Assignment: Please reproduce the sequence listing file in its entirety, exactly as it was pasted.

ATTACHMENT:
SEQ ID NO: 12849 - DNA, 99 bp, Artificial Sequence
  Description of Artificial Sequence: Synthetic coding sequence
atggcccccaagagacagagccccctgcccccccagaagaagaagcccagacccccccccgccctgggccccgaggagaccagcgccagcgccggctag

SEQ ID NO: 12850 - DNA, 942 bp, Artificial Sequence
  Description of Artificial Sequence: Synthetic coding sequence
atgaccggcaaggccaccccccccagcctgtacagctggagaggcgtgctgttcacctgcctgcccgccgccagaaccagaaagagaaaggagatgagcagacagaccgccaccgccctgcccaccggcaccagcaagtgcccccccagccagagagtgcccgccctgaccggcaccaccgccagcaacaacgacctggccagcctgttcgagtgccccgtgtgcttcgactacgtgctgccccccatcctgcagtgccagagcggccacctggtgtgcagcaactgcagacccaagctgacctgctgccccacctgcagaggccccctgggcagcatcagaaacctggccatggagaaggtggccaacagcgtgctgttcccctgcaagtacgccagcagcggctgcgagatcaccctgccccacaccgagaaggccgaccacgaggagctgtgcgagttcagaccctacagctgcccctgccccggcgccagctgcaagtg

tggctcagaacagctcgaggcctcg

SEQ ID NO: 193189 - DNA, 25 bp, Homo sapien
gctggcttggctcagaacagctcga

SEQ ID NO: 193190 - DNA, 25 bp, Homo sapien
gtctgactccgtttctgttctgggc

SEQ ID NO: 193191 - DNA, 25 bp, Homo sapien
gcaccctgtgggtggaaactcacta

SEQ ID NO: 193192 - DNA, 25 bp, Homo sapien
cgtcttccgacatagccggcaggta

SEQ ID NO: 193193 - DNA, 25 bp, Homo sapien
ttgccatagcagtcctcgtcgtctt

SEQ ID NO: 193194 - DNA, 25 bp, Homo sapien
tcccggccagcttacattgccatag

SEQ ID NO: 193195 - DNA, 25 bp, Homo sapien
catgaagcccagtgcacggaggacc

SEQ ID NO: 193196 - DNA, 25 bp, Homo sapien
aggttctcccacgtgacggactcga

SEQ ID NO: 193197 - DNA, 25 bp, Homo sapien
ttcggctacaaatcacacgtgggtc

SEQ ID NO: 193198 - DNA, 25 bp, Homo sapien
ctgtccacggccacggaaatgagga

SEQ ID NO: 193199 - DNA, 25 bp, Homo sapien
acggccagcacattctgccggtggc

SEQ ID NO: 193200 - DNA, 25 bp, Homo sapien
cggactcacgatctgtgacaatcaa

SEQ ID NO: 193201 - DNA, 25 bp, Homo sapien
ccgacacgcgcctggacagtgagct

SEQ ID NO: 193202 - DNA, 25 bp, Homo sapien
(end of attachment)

SEQ ID NO: 12849 - DNA, 99 bp, Artificial Sequence
  Description of Artificial Sequence: Synthetic coding sequence
atggcccccaagagacagagccccctgcccccccagaagaagaagcccagacccccccccgccctgggccccgaggagaccagcgccagcgccggctag

SEQ ID NO: 12850 - DNA, 942 bp, Artificial Sequence
  Description of Artificial Sequence: Synthetic coding sequence
atgaccggcaaggccaccccccccagcctgtacagctggagaggcgtgctgttcacctgcctgcccgccgccagaaccagaaagagaaaggagatgagcagacagaccgccaccgccctgcccaccggcaccagcaagtgcccccccagccagagagtgcccgccctgaccggcaccaccgccagcaacaacgacctggccagcctgttcgagtgccccgtgtgcttcgactacgtgctgccccccatcctgcagtgccagagcggccacctggtgtgcagcaactgcagacccaagctgacctgctgccccacctgcagaggccccctgggcagcatcagaaacctggccatggagaaggtggccaacagcgtgctgttcccctgcaagtacgccagcagcggctgcgagatcaccctgccccacaccgagaaggccgaccacgaggagctgtgcgagttcagaccctacagctgcccctgccccggcgccagctgcaagtg

tggctcagaacagctcgaggcctcg

SEQ ID NO: 193189 - DNA, 25 bp, Homo sapien
gctggcttggctcagaacagctcga

SEQ ID NO: 193190 - DNA, 25 bp, Homo sapien
gtctgactccgtttctgttctgggc

SEQ ID NO: 193191 - DNA, 25 bp, Homo sapien
gcaccctgtgggtggaaactcacta

SEQ ID NO: 193192 - DNA, 25 bp, Homo sapien
cgtcttccgacatagccggcaggta

SEQ ID NO: 193193 - DNA, 25 bp, Homo sapien
ttgccatagcagtcctcgtcgtctt

SEQ ID NO: 193194 - DNA, 25 bp, Homo sapien
tcccggccagcttacattgccatag

SEQ ID NO: 193195 - DNA, 25 bp, Homo sapien
catgaagcccagtgcacggaggacc

SEQ ID NO: 193196 - DNA, 25 bp, Homo sapien
aggttctcccacgtgacggactcga

SEQ ID NO: 193197 - DNA, 25 bp, Homo sapien
ttcggctacaaatcacacgtgggtc

SEQ ID NO: 193198 - DNA, 25 bp, Homo sapien
ctgtccacggccacggaaatgagga

SEQ ID NO: 193199 - DNA, 25 bp, Homo sapien
acggccagcacattctgccggtggc

SEQ ID NO: 193200 - DNA, 25 bp, Homo sapien
cggactcacgatctgtgacaatcaa

SEQ ID NO: 193201 - DNA, 25 bp, Homo sapien
ccgacacgcgcctggacagtgagct

SEQ ID NO: 193202 - DNA, 25 bp, Homo sapien